After this interview with the Prison Commissioner the mother came to see me, and on 10th November I wrote to the Home Secretary. I asked him to inquire into the case as the lad was seriously ill. I had an acknowledgment saying that inquiries were being made. When, more than three weeks later, the mother cameto see me again, alarmed that her son was dying, I sent a reminder to the Home Secretary, and drew his attention to the fact that the boy seemed to be on the point of death. This was on 3rd December. By the time I got the Home Secretary's reply to this letter, 1599 which he wrote on the 1oth, the lad was dead, having died on the 6th. This lad is said to have died from pernicious anaemia. I am no medical man— I am just a layman— but I understand from authorities that this is a complaint which affects mainly middle-aged and elderly people; it is abnormal in the very young. And the onset of the disease is very gradual. In exceptional cases the disease attacks young people after, and I am now quoting Black's Medical Dictionary:Severe loss of blood, such as that following childbirth or prolonged loss of blood from haemorrhoids.It is obvious that if there has been severe loss of blood through a beating-up in prison of a young person there is the necessary condition to bring on this disease. In reply to a question of mine yesterday the Under-Secretary of State for Home Affairs told me that the special form of anaemia from which the lad had died was agranulocytosis. But I find on reference to medical authorities that this is not really a special form of anaemia at all; it is a condition brought on by pernicious anaemia.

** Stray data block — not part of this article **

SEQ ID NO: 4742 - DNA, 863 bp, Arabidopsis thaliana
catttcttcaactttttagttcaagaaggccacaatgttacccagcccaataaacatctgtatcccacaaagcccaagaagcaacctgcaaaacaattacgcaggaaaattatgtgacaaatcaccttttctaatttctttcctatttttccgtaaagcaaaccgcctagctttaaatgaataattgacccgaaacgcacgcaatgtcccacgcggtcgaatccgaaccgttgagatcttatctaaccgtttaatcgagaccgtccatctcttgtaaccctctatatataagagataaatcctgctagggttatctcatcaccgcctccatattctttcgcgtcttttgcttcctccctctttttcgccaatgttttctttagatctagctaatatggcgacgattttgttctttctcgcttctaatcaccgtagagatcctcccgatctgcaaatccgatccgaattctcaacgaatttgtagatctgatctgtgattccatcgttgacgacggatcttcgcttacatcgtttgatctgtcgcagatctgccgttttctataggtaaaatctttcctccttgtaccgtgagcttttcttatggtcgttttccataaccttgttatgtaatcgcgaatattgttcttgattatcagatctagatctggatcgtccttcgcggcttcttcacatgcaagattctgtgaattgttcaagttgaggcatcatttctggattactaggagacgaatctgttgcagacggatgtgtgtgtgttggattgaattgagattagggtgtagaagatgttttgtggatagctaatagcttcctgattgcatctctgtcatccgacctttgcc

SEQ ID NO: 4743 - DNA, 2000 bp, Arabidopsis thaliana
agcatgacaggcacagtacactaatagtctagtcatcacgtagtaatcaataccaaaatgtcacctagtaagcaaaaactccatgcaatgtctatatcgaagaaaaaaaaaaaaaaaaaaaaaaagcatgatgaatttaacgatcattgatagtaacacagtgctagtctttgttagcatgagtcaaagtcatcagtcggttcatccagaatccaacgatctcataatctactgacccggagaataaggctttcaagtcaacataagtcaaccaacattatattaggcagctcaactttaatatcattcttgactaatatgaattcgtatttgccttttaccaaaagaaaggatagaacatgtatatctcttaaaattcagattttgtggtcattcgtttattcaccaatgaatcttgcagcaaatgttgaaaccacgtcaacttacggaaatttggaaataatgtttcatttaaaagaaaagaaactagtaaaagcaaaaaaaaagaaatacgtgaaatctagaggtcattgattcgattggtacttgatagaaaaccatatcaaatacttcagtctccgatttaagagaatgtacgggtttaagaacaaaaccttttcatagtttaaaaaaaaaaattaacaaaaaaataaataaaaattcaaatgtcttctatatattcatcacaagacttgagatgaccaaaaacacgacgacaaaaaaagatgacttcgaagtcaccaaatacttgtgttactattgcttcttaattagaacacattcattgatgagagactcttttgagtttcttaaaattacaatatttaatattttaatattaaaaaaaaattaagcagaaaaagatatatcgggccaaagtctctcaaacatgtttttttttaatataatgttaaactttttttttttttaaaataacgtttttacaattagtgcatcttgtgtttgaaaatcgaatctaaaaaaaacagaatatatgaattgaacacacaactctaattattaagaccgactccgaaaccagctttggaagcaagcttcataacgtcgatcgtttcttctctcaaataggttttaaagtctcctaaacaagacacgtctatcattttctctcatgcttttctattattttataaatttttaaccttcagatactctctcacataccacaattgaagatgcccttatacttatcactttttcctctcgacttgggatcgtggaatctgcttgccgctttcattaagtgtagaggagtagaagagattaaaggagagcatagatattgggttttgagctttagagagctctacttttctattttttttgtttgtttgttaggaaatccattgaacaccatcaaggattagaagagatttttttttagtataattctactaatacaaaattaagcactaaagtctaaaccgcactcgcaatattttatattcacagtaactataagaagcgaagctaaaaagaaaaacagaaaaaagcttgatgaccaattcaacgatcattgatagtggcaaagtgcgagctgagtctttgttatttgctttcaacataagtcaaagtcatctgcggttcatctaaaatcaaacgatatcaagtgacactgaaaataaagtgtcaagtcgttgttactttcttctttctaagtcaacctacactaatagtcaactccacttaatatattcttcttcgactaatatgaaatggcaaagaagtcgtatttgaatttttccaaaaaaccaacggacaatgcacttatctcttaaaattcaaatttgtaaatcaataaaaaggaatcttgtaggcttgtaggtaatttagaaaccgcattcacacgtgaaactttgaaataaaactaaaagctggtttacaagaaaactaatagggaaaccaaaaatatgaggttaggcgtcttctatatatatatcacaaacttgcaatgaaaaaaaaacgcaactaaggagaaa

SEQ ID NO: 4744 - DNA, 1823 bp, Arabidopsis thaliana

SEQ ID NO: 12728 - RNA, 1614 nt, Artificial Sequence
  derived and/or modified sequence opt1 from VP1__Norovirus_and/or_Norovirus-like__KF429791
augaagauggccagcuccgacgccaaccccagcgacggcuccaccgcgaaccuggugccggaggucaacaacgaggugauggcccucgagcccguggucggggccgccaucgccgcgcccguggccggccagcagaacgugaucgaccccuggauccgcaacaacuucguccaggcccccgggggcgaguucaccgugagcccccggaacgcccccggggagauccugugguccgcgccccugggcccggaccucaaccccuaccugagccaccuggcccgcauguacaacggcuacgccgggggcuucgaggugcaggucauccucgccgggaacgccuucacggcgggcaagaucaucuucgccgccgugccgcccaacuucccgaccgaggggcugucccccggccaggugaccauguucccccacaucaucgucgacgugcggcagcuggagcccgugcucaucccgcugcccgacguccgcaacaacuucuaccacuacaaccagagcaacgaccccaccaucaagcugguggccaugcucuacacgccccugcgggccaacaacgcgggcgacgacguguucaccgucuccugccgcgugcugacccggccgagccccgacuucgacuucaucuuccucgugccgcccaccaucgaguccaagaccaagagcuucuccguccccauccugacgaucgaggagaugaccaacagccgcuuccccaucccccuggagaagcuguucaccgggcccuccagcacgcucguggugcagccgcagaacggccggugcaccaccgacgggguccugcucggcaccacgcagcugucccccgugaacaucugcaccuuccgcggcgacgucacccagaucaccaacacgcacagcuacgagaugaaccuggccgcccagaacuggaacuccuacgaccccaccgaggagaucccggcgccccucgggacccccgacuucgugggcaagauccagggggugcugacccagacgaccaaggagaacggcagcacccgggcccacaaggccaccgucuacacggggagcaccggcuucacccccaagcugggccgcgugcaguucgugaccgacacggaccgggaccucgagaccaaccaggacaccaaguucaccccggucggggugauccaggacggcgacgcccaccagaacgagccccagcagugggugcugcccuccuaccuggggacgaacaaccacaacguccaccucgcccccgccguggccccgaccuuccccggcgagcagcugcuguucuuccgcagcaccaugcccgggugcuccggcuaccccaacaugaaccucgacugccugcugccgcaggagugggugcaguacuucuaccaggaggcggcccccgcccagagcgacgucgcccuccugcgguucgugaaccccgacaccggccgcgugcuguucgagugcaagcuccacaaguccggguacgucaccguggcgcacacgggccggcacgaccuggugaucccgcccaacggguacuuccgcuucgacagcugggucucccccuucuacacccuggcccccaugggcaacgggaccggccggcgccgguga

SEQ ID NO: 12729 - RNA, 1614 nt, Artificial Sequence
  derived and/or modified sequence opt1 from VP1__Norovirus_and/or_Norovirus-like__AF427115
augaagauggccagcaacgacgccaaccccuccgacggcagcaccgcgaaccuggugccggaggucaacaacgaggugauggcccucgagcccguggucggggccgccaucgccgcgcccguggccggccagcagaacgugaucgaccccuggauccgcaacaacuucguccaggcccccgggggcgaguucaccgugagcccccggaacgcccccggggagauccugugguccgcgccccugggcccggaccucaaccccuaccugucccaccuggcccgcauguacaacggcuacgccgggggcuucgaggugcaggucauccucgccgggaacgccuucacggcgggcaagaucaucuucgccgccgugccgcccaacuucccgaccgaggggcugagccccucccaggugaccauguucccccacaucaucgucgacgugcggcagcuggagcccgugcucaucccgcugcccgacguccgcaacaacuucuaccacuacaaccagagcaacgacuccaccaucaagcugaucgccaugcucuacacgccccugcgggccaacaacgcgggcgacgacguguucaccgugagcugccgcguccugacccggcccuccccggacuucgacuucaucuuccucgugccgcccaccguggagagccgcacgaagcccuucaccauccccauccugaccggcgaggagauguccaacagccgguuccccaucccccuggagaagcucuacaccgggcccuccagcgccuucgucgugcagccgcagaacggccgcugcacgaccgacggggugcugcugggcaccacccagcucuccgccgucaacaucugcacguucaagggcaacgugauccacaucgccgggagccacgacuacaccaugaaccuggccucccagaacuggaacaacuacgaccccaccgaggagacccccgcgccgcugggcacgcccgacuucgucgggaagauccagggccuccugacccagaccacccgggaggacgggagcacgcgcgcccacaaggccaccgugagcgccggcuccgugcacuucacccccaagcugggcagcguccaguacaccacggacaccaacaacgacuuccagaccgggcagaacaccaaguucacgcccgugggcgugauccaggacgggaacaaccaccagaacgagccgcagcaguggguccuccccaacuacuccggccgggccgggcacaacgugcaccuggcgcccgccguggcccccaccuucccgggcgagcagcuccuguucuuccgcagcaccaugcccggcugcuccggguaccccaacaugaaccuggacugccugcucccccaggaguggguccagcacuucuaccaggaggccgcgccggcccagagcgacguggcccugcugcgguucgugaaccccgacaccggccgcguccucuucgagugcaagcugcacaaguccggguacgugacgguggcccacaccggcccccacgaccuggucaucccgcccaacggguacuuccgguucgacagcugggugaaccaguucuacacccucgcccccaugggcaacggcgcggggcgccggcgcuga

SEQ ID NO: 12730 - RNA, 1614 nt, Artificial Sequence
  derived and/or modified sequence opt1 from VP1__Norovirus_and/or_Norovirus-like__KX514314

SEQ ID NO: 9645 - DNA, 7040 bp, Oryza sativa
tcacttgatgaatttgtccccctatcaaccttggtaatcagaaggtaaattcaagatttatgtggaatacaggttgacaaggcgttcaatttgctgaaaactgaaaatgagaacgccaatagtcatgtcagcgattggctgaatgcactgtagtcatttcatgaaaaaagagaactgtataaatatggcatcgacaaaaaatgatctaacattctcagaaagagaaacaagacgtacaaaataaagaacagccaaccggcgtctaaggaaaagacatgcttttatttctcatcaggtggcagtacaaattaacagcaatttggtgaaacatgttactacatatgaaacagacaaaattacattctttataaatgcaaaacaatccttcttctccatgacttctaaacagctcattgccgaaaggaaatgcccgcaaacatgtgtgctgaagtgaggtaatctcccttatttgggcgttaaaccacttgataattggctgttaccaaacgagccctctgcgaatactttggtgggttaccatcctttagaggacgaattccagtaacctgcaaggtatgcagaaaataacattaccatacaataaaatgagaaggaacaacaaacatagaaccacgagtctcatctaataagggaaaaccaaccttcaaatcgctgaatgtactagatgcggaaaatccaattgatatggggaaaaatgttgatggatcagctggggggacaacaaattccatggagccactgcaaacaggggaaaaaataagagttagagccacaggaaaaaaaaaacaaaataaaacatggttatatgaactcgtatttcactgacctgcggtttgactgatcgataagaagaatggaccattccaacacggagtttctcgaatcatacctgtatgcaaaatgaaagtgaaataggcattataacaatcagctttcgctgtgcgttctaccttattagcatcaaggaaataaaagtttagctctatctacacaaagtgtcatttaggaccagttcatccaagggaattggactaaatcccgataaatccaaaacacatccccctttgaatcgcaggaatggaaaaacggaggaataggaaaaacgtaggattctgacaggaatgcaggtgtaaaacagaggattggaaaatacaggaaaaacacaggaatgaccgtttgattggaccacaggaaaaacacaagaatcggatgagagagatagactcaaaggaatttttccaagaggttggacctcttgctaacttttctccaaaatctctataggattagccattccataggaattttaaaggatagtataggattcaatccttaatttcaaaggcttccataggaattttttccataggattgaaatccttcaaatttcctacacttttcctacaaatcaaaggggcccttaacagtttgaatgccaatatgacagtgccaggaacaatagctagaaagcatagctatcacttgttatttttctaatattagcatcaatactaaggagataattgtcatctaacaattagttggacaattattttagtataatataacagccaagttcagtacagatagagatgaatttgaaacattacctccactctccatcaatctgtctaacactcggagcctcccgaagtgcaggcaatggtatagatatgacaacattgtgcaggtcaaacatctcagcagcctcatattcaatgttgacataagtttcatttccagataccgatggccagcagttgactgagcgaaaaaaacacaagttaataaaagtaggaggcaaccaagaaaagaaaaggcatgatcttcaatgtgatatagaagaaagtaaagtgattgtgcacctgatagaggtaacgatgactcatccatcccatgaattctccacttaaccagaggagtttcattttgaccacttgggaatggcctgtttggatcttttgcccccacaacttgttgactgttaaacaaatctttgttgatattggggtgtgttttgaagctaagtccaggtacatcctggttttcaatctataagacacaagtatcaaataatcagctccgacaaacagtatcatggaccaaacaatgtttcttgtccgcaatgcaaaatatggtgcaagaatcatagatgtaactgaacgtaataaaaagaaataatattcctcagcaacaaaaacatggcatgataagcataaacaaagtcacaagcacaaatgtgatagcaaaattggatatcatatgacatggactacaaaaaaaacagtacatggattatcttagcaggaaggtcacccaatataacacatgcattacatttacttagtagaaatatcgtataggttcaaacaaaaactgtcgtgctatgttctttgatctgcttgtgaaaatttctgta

When I wrote to the Home Secretary on 10th November, and asked him to inquire into the allegations, and received a reply saying that inquiries were being made, I naturally assumed that this was in fact the case. But from an answer I got yesterday from the Under-Secretary, I find that nothing at all was happening. When the mother complained to the Prison Commissioners early in October the Home Office called for a report from the prisonauthorities. This report duly came in and apparently completely satisfied my right hon. Friend that there was nothing at all in the allegations, and no further action was taken. Therefore the reply to my letter of 1oth November saying that inquiries were being made was in fact pure form, and nothing more. Indeed, when I spoke to the Home Secretary two or three days before the lad died, it was quite obvious to me that he knew nothing whatever about the case.